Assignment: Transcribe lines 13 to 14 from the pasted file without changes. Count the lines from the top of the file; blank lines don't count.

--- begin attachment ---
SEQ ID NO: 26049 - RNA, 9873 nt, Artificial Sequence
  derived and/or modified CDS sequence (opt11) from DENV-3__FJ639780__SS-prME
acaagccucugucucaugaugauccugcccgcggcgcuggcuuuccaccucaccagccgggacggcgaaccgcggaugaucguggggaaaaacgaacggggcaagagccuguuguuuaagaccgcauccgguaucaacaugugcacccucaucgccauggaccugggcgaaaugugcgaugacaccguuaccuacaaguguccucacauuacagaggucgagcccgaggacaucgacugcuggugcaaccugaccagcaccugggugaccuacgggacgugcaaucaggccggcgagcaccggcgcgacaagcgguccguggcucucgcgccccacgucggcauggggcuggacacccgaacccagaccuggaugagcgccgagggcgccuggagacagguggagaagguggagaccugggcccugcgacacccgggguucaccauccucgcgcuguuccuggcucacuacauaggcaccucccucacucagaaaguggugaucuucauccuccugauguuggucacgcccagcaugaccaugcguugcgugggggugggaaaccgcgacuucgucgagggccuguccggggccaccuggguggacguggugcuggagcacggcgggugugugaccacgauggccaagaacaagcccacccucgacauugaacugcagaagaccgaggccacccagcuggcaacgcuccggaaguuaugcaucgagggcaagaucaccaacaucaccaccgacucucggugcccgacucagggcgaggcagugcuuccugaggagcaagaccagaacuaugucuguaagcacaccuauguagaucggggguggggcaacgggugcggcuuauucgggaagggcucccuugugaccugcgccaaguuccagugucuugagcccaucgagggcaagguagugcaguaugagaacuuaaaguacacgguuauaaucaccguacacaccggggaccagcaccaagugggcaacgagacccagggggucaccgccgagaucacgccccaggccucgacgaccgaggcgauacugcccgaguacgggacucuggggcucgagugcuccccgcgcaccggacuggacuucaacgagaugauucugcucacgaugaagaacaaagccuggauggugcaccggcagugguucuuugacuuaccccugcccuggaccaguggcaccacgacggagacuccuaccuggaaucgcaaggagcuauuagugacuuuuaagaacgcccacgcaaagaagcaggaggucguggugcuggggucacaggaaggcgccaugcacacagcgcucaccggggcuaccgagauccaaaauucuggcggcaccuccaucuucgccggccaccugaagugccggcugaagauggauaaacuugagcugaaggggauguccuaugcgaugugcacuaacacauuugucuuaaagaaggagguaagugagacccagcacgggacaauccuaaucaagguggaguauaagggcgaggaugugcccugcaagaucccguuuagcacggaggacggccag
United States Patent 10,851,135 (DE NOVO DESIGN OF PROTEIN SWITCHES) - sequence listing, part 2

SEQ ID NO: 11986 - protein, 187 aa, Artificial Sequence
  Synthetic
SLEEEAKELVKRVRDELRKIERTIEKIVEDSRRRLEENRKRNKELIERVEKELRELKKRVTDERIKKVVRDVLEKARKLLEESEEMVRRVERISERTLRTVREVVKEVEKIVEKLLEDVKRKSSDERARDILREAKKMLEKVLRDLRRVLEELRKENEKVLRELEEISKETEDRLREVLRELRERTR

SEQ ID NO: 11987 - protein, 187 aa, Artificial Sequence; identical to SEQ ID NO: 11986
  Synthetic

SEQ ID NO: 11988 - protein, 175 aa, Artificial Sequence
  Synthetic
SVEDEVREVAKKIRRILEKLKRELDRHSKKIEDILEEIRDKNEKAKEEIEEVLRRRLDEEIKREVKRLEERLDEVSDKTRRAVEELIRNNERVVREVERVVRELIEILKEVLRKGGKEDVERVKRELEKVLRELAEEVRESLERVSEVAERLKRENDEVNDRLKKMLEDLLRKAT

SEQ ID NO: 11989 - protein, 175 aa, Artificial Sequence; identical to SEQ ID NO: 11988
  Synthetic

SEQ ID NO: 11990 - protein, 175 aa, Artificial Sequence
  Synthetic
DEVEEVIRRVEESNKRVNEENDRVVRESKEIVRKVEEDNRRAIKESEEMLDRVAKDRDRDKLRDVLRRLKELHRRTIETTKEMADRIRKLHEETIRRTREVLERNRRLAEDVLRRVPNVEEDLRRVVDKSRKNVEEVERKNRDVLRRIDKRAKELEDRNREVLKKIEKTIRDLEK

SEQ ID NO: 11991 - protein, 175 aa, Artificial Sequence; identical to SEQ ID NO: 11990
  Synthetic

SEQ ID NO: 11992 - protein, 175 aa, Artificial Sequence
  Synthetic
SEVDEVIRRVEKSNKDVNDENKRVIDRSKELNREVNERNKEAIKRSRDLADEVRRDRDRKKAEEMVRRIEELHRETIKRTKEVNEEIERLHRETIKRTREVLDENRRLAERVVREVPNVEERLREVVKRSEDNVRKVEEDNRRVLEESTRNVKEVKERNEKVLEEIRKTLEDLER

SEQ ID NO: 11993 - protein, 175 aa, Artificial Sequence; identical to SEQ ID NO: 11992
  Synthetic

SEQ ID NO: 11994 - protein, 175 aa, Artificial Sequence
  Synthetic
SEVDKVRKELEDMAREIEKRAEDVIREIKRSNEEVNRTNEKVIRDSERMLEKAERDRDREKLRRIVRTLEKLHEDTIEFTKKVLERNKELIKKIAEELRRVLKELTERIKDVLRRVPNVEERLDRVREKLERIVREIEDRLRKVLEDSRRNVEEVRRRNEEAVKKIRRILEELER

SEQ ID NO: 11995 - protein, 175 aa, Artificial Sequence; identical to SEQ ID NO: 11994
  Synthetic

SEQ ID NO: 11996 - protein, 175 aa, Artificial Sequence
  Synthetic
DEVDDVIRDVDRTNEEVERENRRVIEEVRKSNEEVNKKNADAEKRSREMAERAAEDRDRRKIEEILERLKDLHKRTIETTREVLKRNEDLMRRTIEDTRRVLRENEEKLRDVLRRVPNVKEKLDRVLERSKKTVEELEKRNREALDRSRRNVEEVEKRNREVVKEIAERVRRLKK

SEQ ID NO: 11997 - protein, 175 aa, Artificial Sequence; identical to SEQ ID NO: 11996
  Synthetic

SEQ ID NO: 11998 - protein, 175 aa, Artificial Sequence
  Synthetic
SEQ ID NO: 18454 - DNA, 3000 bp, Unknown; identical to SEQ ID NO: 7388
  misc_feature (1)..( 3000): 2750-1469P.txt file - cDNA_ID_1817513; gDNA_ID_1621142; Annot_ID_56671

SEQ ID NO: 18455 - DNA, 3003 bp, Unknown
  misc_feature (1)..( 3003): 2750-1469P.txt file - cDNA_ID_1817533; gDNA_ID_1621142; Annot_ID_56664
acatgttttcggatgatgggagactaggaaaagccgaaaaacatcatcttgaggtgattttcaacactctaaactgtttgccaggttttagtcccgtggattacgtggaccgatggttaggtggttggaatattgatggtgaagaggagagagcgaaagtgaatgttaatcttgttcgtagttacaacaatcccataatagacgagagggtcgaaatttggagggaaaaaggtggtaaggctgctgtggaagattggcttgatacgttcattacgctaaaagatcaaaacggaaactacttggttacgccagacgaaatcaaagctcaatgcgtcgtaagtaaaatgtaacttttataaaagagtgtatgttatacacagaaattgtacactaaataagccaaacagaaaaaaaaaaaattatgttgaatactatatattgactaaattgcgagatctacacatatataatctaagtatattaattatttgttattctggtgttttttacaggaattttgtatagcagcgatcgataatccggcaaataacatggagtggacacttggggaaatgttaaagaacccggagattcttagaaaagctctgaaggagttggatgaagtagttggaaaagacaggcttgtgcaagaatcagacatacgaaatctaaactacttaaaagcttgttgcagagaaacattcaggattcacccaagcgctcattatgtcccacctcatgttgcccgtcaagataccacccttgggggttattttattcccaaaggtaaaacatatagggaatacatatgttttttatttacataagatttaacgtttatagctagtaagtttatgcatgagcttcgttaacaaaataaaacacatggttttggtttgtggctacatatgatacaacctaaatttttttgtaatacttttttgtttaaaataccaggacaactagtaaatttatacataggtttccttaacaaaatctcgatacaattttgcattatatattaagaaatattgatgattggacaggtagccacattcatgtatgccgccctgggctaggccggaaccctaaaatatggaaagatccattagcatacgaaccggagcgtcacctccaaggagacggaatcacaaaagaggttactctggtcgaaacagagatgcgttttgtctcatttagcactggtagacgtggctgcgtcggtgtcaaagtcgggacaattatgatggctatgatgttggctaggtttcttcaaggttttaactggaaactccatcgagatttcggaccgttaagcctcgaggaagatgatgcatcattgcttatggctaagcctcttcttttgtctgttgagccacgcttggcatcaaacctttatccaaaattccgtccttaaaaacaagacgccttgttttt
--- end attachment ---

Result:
SEQ ID NO: 11989 - protein, 175 aa, Artificial Sequence; identical to SEQ ID NO: 11988
  Synthetic